The first half though is very successful. And ultimately I really enjoyed the movie. The character is great. I just wish they’d done that movie in about 3 movies rather than 1.

  6. We saw it last night and I mostly agree with Clark. It’s moving along at a regular pace, then as soon as Cap gets involved with Hydra, it’s like a best-of reel of the Captains’ Adventures in Europe.

    Chris Evans is perfect.

    Susan, then you won’t be happy with the new Spider-Man. From he trailer we saw last night, it looks like the whole movie is just another version of his origin story, even though the Spider-Man that is ten years old has probably been seen by every single person over the age of seven.

  7. I hate origin stories. If George Lucas did anything right it was to use “in medias res”.

  8. “If George Lucas did anything right it was to use “in medias res.”

    Well, until he decided he needed to go back and create a whole trilogy worth of origin story.

  9. From what I’ve read, the idea that Star Wars was originally Part 4 is pure bunk. It became that later and then the mythology was born. It’s true that he used part of a larger draft of stuff – but honestly even Star Wars was only loosely related and the rest of the series barely at all. (This from Lucas’ collaborator and producer at the time)

    And if you think about it for a second this makes perfect sense. Star Wars ep 4. is purely an origin story of how Luke Skywalker becomes a Jedi.

    All that said I do agree too much origin is annoying. Especially with the new Spiderman. I get why they fired the last guy (although Malcovitch as The Vulture would have been awesome) but I don’t get why only a few years after the last one they redo it. Even The Hulk “sequel” didn’t do that.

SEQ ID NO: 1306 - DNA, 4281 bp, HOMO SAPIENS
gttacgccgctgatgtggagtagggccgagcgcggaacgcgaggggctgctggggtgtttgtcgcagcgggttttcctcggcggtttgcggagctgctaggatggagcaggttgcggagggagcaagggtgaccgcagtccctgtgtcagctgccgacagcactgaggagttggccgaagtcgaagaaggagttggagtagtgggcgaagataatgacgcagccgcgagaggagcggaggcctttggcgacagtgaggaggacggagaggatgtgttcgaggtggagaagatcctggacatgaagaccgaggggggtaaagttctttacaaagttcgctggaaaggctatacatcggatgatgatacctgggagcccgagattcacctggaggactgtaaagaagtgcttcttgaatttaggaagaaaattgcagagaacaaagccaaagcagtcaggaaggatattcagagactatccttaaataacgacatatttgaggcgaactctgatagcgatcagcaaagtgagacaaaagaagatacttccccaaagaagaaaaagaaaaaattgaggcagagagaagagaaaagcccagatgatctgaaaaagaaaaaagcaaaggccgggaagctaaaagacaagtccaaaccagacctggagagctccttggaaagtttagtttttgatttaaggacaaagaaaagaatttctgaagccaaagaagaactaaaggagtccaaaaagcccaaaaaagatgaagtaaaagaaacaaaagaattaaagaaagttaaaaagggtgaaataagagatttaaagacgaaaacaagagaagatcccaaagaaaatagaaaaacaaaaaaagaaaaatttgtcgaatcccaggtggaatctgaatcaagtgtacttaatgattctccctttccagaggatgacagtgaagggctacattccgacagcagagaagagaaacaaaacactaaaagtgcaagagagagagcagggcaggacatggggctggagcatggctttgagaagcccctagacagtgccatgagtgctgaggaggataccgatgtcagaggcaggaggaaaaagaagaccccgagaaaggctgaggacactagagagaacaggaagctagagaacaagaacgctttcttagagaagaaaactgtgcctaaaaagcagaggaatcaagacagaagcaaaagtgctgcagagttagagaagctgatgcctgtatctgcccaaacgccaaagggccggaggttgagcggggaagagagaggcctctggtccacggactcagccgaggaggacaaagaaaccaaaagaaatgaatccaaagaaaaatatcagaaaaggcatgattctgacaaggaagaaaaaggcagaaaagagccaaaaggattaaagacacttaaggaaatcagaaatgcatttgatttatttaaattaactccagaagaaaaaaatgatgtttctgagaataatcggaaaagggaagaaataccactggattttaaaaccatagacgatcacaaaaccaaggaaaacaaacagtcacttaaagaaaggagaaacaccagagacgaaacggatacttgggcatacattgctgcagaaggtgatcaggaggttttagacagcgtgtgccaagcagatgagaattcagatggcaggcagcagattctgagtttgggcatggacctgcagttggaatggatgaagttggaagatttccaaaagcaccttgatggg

10. The words “Episode IV” appear at the beginning of the movie, so how is it that it only became that later?

  11. “The words “Episode IV” appear at the beginning of the movie, so how is it that it only became that later?”

    Pretty sure they didn’t appear in the version I saw in the theaters in 1977.

    Jeez, I’m old.

  12. This interview with Gary Kurtz is probably worth reading for a bit of the history.

    Lucas came up with a sprawling treatment that pulled from “Flash Gordon,” Arthurian legend, “The Hidden Fortress” and other influences. The document would have required a five-hour film but there was a middle portion that could be carved out as a stand-alone movie.

  13. Looks like “Man of Steel” is going to be an origin story as well. Seems like Superman is one that needs it least of all; everyone knows his story.

  14. Plus it’s already been done. I can see doing an origin story if it’s never been done before, but Superman? Come on.

  15. Finally saw Captain America last night and liked it a lot. It might be my favorite of the recent Marvel movies. The tone is perfect, not overly serious, but not silly. The acting is pretty solid and the art direction is great. Chris Evans is a really good Steve Rogers. The ending didn’t bother me, and I didn’t stay for the post-credits Avengers teaser, as I had already seen it online.

  16. Geoff and Greg, I was born in 77. Yep, you’re old.

    It looks like DC comics is redoing Super-man and everything else as well. I recently read an article where Alan Moore complained that the super hero genre ran out of steam and all that is left is fan writers retelling stories. While I’d say that’s only 98% true, I sure wish there was a comic book left that I thought would be worth buying for my daughter.

    All that said, I am oddly optimistic for the Captain America movie.

  17. Sounds like Man of Steele won’t be a typical origin story though. It takes place after he leaves Smallville but before he arrives at Metropolis. I’m intrigued.

Comments are closed.